A recent news story brought to mind my reaction to Thelma and Louise — and to earlier experiences. I first heard the story from a friend of mine in France, and it made its way into English-language media during the past few days.

A 19-year-old boy confronted the priest who, earlier, abused him. That, of course, is something I wish I could have done to my abuser, who died three decades before I spoke of his actions with anyone. Then the young Frenchman did a Thelma, if you will: He killed that priest.

I will admit that in hearing the story, I vicariously struck back at my abuser. Perhaps that reveals some baseness in my character. If it doesn’t, then perhaps this does: I also felt a vicarious thrill in picturing the young man vanquishing his abuser.

All right, I’ll admit: It was the way he tore the life out of that man of the cloth that so excited me. In fact, I’ll confess something perhaps even cruder: I found myself wishing I’d come up with the way he ended a decades-long string of abuses.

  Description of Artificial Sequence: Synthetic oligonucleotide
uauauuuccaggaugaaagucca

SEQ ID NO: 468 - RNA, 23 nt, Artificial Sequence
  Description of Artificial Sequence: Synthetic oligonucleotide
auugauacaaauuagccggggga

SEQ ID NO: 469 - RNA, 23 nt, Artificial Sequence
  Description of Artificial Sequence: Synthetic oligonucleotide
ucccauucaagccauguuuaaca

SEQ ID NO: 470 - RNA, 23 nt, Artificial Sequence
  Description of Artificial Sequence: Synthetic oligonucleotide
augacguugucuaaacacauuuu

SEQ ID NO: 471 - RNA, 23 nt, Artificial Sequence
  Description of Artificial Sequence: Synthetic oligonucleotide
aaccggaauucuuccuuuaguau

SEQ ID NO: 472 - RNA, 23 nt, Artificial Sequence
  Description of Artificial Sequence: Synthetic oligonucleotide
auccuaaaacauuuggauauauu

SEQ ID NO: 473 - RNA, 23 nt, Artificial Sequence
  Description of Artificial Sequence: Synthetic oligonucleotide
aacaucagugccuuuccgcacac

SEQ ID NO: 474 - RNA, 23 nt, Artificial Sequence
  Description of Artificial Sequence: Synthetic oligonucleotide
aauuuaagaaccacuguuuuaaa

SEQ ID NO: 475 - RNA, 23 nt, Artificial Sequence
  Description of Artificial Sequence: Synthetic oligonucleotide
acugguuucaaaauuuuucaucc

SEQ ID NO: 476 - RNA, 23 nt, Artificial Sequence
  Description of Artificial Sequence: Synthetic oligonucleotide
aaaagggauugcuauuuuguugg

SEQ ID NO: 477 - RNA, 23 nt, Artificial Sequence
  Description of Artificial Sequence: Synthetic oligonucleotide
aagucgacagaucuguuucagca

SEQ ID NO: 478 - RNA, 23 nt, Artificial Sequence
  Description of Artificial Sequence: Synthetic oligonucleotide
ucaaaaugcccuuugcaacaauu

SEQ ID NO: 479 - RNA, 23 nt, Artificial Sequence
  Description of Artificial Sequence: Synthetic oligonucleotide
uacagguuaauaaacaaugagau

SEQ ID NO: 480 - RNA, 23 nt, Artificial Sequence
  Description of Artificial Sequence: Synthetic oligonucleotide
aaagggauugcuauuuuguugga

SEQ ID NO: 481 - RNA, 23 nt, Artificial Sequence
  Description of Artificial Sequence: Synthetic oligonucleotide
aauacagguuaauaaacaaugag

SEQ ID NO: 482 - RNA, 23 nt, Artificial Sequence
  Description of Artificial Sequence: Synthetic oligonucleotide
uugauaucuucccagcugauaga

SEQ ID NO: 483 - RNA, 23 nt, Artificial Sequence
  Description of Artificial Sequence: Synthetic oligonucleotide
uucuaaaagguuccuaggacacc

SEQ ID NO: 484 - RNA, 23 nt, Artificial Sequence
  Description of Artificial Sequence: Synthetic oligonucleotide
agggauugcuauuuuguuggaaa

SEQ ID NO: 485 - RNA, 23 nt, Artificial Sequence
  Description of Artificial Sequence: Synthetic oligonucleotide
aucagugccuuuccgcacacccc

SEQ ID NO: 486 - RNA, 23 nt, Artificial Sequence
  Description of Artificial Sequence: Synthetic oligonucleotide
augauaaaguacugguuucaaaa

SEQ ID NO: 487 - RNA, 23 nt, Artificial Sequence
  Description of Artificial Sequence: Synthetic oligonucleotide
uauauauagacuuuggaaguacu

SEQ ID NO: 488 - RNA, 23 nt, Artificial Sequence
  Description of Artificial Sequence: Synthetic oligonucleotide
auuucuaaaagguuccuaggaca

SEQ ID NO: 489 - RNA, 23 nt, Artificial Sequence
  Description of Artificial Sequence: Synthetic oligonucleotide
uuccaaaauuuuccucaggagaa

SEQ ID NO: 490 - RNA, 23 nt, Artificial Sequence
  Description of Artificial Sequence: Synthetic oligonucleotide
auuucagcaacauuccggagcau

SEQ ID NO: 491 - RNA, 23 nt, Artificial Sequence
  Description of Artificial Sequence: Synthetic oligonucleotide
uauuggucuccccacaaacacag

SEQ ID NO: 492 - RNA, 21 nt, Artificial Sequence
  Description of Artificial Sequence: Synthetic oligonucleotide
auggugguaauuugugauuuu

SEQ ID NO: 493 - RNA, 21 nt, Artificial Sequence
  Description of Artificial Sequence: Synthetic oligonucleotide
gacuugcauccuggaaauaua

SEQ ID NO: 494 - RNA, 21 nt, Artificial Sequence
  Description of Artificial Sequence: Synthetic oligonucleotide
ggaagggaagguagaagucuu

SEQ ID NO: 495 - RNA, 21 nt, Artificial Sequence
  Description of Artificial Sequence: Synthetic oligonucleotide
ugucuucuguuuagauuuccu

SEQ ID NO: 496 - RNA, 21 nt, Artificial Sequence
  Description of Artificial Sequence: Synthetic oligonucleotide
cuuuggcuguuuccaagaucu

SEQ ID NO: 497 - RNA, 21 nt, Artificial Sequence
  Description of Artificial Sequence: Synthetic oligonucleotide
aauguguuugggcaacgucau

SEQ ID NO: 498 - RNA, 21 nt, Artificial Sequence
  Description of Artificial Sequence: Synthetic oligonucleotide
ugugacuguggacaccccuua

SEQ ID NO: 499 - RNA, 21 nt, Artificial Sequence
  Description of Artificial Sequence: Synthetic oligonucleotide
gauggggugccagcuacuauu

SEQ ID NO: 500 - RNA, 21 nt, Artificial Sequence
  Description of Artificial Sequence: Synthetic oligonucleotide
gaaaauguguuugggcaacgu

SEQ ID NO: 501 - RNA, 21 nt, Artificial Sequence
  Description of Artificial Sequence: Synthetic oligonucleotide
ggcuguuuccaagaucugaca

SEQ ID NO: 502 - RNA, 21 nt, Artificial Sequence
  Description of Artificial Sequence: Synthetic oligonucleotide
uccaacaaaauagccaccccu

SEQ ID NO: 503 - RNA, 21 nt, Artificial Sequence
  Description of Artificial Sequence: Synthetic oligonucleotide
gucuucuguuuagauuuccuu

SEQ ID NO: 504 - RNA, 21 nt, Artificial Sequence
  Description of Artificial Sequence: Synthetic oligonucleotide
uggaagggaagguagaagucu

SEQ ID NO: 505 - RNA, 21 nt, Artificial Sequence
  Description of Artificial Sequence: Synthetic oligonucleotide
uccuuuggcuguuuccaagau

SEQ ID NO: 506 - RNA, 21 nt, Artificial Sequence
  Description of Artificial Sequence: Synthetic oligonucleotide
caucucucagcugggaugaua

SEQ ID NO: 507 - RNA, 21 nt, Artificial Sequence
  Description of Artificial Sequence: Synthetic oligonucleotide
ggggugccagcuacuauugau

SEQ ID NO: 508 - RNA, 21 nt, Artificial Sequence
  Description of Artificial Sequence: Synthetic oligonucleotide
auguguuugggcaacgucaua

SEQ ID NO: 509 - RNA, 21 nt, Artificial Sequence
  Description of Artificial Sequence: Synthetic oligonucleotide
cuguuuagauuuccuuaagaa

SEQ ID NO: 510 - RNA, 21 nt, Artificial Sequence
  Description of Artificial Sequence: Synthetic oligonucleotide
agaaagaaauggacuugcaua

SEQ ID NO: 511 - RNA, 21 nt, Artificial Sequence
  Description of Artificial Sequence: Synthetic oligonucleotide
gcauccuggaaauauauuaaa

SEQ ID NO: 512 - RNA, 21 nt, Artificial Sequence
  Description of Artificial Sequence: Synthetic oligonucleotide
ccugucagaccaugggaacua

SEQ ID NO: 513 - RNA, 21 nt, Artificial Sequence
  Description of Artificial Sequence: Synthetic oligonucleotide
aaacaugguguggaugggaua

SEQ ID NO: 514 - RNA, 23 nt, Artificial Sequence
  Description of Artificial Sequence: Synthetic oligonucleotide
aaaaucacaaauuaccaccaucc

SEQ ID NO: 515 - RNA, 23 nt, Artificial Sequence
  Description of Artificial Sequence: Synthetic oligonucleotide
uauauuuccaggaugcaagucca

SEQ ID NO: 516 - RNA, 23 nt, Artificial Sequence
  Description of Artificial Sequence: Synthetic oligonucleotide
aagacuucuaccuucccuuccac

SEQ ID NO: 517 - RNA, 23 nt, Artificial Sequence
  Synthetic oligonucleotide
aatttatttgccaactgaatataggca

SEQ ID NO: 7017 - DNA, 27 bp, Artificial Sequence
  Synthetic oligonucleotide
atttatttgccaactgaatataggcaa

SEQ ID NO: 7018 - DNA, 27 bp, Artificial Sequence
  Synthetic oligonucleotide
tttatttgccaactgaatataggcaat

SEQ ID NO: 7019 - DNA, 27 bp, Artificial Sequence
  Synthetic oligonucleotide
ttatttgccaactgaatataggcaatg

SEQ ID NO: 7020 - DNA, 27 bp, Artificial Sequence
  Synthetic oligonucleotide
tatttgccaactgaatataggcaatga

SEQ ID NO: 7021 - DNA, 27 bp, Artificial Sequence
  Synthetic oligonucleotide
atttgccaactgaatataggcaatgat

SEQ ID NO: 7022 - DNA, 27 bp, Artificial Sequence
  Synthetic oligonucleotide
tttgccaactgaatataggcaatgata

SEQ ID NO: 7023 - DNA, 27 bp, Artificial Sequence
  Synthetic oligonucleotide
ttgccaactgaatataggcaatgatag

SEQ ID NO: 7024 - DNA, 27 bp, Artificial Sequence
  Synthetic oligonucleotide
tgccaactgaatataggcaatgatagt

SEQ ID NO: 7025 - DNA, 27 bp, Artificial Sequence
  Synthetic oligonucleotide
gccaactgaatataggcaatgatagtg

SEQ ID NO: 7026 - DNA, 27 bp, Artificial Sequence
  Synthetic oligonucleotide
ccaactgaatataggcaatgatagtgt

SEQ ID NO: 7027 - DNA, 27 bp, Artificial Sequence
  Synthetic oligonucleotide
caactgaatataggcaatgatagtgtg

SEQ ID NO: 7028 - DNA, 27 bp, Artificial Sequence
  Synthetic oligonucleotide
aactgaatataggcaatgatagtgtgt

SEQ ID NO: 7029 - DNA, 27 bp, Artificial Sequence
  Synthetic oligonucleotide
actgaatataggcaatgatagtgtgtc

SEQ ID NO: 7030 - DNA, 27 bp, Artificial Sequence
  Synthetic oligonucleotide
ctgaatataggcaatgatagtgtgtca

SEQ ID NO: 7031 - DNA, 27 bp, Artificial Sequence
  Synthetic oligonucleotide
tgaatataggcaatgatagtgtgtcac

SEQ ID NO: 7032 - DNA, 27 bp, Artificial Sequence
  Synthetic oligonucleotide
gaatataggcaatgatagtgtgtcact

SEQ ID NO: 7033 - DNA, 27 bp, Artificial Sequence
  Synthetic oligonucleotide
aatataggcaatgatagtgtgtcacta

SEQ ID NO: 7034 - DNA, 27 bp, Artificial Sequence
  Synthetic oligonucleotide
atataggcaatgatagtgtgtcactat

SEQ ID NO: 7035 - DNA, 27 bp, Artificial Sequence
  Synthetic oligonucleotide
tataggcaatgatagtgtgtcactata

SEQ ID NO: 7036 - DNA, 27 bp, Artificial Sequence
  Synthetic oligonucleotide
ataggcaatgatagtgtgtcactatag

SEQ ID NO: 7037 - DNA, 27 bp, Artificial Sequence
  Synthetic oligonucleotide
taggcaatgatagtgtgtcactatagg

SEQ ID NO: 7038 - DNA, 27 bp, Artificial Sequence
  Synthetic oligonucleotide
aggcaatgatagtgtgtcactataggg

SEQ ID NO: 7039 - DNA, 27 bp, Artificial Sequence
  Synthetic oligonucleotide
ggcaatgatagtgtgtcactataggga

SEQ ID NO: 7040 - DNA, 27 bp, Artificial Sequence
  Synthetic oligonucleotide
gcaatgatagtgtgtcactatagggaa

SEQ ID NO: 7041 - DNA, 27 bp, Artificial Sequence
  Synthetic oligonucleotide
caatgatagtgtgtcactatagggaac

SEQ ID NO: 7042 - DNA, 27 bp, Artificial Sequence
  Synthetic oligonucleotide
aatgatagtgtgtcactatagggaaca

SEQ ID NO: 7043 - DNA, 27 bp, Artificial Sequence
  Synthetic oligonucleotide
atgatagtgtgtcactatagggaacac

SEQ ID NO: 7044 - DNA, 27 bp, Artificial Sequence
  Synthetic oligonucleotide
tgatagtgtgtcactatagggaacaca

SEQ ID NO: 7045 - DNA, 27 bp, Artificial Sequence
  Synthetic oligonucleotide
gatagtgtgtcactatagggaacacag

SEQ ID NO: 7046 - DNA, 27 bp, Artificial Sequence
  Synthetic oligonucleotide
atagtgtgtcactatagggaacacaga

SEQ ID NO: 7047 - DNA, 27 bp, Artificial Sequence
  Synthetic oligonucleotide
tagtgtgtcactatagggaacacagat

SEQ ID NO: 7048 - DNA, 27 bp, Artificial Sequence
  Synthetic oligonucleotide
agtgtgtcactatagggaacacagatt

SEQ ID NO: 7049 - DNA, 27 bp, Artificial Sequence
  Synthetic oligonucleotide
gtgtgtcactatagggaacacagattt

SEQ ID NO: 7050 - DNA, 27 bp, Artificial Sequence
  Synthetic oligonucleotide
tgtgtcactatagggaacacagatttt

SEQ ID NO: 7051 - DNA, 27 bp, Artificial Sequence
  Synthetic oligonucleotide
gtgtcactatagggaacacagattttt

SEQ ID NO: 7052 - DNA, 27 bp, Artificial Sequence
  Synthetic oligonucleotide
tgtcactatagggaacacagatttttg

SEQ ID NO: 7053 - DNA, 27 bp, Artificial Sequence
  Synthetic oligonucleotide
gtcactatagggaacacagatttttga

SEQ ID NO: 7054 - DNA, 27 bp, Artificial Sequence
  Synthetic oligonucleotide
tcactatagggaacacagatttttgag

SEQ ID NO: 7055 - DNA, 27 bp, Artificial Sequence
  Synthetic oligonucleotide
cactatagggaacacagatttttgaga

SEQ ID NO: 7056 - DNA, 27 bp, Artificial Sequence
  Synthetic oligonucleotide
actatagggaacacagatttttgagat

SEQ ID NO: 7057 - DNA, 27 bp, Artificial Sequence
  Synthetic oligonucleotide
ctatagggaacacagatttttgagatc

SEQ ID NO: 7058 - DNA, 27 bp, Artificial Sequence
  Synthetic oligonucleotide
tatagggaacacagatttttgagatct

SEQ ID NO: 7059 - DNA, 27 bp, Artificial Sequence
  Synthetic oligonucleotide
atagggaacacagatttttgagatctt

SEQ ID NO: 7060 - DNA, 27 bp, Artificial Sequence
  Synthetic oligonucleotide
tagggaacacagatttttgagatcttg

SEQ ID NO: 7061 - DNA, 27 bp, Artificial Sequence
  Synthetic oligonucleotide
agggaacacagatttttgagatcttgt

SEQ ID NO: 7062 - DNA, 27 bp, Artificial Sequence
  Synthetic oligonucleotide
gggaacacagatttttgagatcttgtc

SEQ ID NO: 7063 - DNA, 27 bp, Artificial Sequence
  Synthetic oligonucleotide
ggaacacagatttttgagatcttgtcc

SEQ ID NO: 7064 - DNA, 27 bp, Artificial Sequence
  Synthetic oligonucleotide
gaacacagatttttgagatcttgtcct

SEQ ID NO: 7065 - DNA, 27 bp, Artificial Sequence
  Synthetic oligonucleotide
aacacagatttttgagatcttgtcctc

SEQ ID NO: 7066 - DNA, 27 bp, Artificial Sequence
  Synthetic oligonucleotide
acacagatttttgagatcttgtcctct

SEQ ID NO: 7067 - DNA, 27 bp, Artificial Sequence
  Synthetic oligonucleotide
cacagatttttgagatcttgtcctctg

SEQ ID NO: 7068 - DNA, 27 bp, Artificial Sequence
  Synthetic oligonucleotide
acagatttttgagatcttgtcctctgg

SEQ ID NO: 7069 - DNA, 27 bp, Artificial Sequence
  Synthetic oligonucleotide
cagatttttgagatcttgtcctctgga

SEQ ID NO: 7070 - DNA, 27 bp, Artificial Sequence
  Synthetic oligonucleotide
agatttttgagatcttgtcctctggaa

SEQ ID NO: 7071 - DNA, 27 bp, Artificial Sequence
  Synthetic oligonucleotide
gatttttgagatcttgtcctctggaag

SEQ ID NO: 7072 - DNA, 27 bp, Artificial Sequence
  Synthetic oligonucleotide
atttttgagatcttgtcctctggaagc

According to reports, the young man, identified only as “Alexandre V.” suffocated the priest by ramming a cross down his throat.

Yes, you read that right.

Now, I know that killing should never be condoned: I have opposed capital punishment from the moment I learned about it. Still, I have to concede that if I were on a jury at his trial, I would have a difficult time voting to convict him. I would hope that other jurors, and a judge, would consider not only Alexandre’s suffering, but also the way the priest “shattered a whole family,” in the young man’s words.

He was not being at all hyperbolic. Perhaps not surprisingly (at least, I’m not surprised to learn) the prelate, Father Roger Matassoli, is also alleged to have abused Alexandre’s father as well as other boys during the time he served in the northern French diocese of Saint-Andre-Farivilliers.

Alexandre probably knew about other boys Father Matassoli is said to have abused. What he and his father—as well as their fellow parishioners — probably didn’t know, until the allegations of abuse came to light, was the circumstances by which Father Matassoli arrived at their Oise parish. They probably knew only that he was transferred to their diocese from the diocese of Clermont in 1967 because of — you guessed it — allegations of sexual abuse which, of course, the church hushed up.